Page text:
What is phonics?
Phonics is a way of decoding written letters (graphemes) and spoken sounds (phonemes) to read. At Hatton Park Primary School we follow a programme called Rocket Phonics – a government approved systematic synthetic phonics programme for the teaching of phonics.
Follow this link for an introduction to the programme:
We believe that it is vital that children are taught to read as soon as possible once they have started in Reception and we begin our direct teaching of phonics in the second full week of children attending school in September. This ensures that children learn phoneme-grapheme-correspondences quickly, which in turn supports them in becoming fluent readers. We continue to support children to develop the skills needed for blending (combining sounds to read words) and segmenting (separating words into separate sounds for writing) alongside the teaching of phoneme-grapheme-correspondences (GPCs).
How can I support my child with phonics?
Once your child has started their phonics lessons at school, it is important for children to consolidate this learning so that it becomes part of their long-term memory. We help children to consolidate their learning at school and the additional support parents/carers can provide at home is invaluable in ensuring children become confident readers. When a new GPC is taught in phonics, your child’s class teacher will share this information with you to enable you to feel confident about supporting your child with their reading at home. The teacher will give you ideas for follow-up learning activities to complete at home.
Using the correct pronunciation is vital for supporting children in their reading journey. Children are taught not to add an ‘uh’ sound at the end, so they say: ‘t’ not ‘tuh’. Correct pronunciation of sounds supports children in being able to blend sounds into words so it is important that adults model this accurately.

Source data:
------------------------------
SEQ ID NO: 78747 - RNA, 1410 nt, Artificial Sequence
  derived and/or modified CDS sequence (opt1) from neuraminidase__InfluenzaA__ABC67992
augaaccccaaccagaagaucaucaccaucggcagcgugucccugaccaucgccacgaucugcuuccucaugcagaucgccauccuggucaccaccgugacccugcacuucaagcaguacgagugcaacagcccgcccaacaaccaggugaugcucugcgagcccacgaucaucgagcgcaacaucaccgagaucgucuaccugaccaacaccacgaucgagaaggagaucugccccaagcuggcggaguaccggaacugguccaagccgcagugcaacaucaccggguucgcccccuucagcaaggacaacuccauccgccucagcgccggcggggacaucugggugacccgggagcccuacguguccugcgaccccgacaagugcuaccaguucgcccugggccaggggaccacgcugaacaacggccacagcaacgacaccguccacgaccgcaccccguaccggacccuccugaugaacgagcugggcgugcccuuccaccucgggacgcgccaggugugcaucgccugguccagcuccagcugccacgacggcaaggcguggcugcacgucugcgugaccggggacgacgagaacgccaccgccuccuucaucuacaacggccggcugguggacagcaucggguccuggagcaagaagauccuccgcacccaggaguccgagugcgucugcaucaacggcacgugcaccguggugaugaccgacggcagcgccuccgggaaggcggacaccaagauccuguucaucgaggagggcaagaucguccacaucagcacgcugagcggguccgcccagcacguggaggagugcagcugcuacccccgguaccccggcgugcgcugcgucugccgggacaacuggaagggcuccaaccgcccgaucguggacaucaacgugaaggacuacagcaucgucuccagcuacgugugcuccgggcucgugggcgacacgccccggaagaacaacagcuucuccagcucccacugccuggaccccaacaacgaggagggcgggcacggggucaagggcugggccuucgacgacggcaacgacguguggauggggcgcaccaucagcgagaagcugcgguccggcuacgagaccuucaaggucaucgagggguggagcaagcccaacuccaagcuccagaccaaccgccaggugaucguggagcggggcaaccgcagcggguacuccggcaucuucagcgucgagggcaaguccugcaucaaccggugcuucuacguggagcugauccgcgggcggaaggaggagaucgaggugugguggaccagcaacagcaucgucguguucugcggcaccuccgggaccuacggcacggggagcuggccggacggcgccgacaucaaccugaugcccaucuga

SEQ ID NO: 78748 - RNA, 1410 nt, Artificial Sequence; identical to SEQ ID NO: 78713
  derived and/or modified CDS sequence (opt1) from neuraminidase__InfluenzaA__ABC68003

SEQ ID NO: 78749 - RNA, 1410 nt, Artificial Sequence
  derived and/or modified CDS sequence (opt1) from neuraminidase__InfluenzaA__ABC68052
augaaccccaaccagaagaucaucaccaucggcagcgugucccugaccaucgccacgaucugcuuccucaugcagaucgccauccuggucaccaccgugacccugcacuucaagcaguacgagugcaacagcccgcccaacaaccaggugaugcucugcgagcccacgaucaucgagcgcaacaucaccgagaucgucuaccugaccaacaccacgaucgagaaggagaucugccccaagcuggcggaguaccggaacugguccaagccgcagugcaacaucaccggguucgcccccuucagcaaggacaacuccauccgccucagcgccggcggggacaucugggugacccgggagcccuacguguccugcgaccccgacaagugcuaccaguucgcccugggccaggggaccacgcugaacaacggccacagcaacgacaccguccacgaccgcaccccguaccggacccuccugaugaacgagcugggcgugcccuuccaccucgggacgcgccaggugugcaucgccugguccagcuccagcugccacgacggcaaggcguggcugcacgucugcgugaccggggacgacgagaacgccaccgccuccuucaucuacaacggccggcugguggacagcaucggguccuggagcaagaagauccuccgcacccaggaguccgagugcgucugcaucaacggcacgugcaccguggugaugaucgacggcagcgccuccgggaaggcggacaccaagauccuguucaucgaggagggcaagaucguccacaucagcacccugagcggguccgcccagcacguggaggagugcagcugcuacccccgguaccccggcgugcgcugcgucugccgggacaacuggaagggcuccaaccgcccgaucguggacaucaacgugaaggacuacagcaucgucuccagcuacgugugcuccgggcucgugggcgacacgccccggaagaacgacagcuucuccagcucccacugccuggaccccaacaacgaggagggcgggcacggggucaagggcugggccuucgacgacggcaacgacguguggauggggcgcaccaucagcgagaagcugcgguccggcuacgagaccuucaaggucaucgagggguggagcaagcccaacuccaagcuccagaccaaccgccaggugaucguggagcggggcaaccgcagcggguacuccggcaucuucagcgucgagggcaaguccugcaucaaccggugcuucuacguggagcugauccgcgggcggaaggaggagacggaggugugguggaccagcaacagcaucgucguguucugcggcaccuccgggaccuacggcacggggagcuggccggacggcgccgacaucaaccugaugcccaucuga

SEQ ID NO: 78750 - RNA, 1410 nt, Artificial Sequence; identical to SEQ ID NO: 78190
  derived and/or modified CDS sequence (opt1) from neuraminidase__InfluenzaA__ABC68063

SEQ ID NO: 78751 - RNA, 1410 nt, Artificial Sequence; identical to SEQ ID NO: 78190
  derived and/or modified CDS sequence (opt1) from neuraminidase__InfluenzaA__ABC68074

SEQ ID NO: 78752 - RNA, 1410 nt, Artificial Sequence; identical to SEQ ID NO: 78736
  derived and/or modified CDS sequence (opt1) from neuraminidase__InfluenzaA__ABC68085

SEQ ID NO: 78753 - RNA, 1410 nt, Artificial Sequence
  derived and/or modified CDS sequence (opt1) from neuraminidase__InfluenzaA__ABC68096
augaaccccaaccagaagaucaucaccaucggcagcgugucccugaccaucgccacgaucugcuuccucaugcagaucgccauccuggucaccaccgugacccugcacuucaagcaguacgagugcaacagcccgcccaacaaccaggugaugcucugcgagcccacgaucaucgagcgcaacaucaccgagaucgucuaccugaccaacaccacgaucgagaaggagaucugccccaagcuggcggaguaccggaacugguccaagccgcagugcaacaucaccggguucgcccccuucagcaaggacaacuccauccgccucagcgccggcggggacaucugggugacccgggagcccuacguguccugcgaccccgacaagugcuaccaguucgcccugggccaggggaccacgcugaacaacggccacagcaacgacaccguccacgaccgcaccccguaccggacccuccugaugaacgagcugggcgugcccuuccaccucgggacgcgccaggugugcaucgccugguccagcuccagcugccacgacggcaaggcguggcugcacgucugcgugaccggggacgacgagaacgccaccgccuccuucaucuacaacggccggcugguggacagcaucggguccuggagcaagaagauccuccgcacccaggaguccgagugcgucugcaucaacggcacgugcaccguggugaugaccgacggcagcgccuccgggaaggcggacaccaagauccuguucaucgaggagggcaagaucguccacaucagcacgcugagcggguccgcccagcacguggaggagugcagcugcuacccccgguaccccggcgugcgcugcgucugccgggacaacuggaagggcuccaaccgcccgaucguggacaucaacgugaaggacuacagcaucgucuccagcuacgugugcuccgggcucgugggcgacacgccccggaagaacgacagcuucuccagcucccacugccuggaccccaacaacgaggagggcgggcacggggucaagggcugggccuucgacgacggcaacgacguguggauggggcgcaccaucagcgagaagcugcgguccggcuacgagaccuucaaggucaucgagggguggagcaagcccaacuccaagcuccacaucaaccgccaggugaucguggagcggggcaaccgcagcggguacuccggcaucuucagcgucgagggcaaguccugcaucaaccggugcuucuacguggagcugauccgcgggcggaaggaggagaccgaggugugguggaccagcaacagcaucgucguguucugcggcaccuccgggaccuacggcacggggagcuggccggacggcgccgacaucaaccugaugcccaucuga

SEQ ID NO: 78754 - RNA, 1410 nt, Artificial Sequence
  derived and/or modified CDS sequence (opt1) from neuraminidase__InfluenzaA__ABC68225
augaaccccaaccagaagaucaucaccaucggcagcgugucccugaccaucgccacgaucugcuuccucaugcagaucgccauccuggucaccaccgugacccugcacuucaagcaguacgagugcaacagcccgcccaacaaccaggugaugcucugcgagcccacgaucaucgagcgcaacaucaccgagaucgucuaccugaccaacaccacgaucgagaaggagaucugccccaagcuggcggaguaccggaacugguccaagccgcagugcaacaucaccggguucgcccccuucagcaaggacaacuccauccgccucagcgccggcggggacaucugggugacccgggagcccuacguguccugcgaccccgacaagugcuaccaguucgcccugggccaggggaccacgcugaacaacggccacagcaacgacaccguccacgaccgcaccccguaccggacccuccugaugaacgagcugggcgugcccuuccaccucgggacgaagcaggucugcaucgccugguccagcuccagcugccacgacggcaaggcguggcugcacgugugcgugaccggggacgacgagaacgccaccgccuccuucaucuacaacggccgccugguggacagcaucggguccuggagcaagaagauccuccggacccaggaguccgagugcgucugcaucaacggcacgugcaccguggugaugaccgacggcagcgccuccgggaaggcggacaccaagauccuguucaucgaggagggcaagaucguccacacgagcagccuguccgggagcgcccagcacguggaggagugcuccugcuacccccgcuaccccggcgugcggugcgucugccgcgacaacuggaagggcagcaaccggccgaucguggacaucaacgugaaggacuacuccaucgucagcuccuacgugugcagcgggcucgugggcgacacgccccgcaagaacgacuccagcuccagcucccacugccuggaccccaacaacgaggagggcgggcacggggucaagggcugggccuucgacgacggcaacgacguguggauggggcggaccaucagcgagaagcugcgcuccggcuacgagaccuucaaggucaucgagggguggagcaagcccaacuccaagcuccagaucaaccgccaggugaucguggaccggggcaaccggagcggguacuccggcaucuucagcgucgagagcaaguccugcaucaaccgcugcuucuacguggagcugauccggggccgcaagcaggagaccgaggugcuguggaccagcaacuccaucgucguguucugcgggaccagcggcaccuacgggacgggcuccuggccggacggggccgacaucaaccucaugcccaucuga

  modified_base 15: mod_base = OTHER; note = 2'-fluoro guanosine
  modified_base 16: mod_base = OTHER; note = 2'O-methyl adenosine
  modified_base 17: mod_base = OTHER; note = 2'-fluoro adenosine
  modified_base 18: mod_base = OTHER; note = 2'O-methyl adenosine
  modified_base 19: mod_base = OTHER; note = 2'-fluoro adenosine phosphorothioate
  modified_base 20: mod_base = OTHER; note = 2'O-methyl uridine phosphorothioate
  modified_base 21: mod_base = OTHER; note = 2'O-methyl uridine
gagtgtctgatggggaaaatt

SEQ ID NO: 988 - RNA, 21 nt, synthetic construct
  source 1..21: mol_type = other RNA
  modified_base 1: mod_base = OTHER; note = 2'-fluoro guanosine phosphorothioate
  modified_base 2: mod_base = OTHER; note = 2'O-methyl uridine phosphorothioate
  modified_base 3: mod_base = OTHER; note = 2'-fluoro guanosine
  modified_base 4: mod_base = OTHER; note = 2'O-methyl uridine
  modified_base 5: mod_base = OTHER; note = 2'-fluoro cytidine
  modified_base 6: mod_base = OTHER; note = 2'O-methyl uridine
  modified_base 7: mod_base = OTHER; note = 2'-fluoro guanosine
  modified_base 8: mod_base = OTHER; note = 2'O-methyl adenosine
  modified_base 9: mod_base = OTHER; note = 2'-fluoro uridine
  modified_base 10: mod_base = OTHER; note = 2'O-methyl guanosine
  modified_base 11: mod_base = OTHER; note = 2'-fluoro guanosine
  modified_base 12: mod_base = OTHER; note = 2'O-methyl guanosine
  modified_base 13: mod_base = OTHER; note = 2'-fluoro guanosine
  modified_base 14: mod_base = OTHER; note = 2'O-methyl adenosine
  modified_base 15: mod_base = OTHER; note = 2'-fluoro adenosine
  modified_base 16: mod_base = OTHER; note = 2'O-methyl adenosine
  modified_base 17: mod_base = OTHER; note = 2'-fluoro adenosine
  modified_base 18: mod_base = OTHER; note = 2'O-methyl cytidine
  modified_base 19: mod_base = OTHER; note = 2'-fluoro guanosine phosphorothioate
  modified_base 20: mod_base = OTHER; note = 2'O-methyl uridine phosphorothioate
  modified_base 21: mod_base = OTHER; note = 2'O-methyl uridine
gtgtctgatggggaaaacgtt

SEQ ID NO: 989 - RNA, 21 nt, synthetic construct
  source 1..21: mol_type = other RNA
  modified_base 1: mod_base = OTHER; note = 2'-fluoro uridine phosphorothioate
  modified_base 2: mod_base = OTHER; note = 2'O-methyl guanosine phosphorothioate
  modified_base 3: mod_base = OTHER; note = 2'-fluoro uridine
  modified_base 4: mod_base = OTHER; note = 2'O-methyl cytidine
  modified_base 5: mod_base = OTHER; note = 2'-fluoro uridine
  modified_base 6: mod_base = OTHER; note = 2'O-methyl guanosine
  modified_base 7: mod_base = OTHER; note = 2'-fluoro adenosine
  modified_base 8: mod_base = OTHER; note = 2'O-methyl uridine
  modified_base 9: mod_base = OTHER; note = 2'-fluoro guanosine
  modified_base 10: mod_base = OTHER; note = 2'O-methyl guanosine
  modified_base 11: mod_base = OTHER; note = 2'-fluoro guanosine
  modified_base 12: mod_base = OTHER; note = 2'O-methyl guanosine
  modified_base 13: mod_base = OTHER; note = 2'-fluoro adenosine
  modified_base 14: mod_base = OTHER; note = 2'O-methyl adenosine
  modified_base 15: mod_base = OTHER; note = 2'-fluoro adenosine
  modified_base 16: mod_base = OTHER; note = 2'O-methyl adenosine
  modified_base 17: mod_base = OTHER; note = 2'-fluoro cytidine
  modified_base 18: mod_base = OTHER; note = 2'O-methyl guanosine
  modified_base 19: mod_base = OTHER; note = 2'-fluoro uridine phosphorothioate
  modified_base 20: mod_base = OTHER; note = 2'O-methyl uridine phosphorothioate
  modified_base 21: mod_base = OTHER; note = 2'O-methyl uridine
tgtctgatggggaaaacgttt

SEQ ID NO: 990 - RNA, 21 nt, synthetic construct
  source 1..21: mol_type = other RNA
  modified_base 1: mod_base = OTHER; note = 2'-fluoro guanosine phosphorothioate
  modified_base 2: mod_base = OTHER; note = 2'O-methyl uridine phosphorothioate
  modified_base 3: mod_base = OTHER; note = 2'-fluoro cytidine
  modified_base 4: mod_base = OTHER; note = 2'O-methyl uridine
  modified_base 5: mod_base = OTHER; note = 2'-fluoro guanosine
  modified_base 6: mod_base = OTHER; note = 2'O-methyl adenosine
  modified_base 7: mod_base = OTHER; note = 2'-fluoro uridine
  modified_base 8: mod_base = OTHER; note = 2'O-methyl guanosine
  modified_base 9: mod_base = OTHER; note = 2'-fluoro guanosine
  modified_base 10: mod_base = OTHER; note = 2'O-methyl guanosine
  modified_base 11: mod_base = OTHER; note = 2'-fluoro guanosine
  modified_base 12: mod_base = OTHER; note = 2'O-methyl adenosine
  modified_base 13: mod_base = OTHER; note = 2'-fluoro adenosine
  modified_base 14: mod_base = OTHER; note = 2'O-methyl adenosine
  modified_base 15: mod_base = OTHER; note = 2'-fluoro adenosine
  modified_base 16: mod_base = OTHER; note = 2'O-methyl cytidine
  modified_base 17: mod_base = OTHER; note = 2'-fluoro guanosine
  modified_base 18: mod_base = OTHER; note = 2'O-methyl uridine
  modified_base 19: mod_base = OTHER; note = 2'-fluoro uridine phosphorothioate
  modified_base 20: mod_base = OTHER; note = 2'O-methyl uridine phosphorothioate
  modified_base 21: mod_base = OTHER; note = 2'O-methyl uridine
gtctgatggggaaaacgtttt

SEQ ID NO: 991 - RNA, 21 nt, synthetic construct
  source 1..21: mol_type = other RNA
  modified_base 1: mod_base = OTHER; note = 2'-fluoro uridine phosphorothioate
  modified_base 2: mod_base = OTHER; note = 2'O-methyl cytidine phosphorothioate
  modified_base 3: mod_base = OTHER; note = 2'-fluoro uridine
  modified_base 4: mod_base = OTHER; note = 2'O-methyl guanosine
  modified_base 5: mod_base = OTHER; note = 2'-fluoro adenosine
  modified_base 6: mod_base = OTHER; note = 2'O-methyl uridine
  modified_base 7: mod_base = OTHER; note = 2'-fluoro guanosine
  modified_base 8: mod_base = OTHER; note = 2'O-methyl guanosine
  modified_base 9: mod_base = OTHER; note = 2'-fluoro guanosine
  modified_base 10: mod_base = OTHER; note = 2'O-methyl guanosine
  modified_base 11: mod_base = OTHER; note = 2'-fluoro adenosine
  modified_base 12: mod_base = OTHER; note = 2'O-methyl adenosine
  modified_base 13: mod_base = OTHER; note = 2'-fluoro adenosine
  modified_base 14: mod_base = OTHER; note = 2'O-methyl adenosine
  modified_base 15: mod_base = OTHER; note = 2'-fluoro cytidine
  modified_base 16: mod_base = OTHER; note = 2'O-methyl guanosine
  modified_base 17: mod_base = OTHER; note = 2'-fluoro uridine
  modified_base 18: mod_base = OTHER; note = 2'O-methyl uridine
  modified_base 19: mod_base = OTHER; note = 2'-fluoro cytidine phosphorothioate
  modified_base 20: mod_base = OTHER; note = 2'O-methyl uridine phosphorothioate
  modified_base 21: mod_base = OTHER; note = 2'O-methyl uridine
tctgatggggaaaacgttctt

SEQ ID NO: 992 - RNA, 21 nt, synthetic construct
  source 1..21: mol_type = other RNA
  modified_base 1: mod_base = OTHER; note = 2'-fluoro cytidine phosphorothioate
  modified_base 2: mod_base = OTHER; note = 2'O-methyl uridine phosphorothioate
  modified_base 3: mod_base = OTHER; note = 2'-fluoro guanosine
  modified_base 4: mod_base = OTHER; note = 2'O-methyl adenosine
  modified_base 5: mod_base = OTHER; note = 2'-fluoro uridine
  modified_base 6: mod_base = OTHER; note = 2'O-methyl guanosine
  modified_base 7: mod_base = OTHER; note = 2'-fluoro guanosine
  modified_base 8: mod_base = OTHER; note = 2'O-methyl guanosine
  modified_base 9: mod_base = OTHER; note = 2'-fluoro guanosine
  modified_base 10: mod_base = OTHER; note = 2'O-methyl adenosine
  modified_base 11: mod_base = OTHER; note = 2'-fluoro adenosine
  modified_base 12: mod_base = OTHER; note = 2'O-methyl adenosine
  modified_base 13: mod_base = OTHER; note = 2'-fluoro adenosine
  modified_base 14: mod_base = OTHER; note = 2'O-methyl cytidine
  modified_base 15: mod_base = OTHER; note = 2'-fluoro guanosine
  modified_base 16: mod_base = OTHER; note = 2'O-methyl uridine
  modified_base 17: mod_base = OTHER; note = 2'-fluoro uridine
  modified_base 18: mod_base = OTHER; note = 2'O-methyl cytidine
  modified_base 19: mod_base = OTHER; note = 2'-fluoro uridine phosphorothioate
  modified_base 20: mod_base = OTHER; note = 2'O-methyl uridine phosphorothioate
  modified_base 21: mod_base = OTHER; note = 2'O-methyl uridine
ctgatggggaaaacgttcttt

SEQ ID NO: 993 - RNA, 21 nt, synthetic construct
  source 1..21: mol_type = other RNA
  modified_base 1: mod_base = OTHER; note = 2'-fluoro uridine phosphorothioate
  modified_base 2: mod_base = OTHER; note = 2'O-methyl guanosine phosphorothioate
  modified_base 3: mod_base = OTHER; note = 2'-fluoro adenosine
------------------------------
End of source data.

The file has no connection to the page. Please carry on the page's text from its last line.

Follow the link to this video about the alphabetic code by the author of Rocket Phonics, Abigail Steel: https://www.youtube.com/watch?v=nyGQY_GHtoQ
Here is a list of some of the language we use when teaching children to read. The children are taught the meaning of these words and become confident to use these terms as part of their vocabulary.
Although your child will be taught to read at school, you can have a huge impact on their reading journey by continuing their practice at home. There are two types of reading book that your child may bring home:
A reading practice book. This will be at the correct phonic stage for your child. They should be able to read this fluently and independently.
This book has been carefully matched to your child’s current reading level. If your child is reading it with little help, please don’t worry that it’s too easy – your child needs to develop fluency and confidence in reading. Listen to them read the book. Remember to give them lots of praise – celebrate their success! If they can’t read a word, read it to them. After they have finished, talk about the book together.
The aim of reading practice books is to develop the child’s ability to automatically decode a word (without ‘sounding it out’). Children develop automaticity through
re-reading books they have already read so don’t worry if your child brings home a book they have already read.
A sharing book. Your child may bring home a book which they cannot read on their own. This book is for you both to read and enjoy together. To encourage your child to become a lifelong reader, it is important to make time to read for pleasure. The sharing book is a book they have chosen for you to enjoy together.
One of the advantages of using The Rocket Phonics Programme is that all of the decodable reading scheme books can be accessed online at https://my.risingstars-uk.com/ .
Parents and children have access to all the books at their current reading level so that they can practise their reading wherever they are! Each book has a quiz at the end to check that children have understood what they have read. Your child’s log-in information will be sent out in their reading diaries. Please approach your child’s teacher if you have any queries about online access.
The charts below show the progression for teaching and learning in Reception and Year One. Reading scheme books are closely matched to the children’s decoding ability.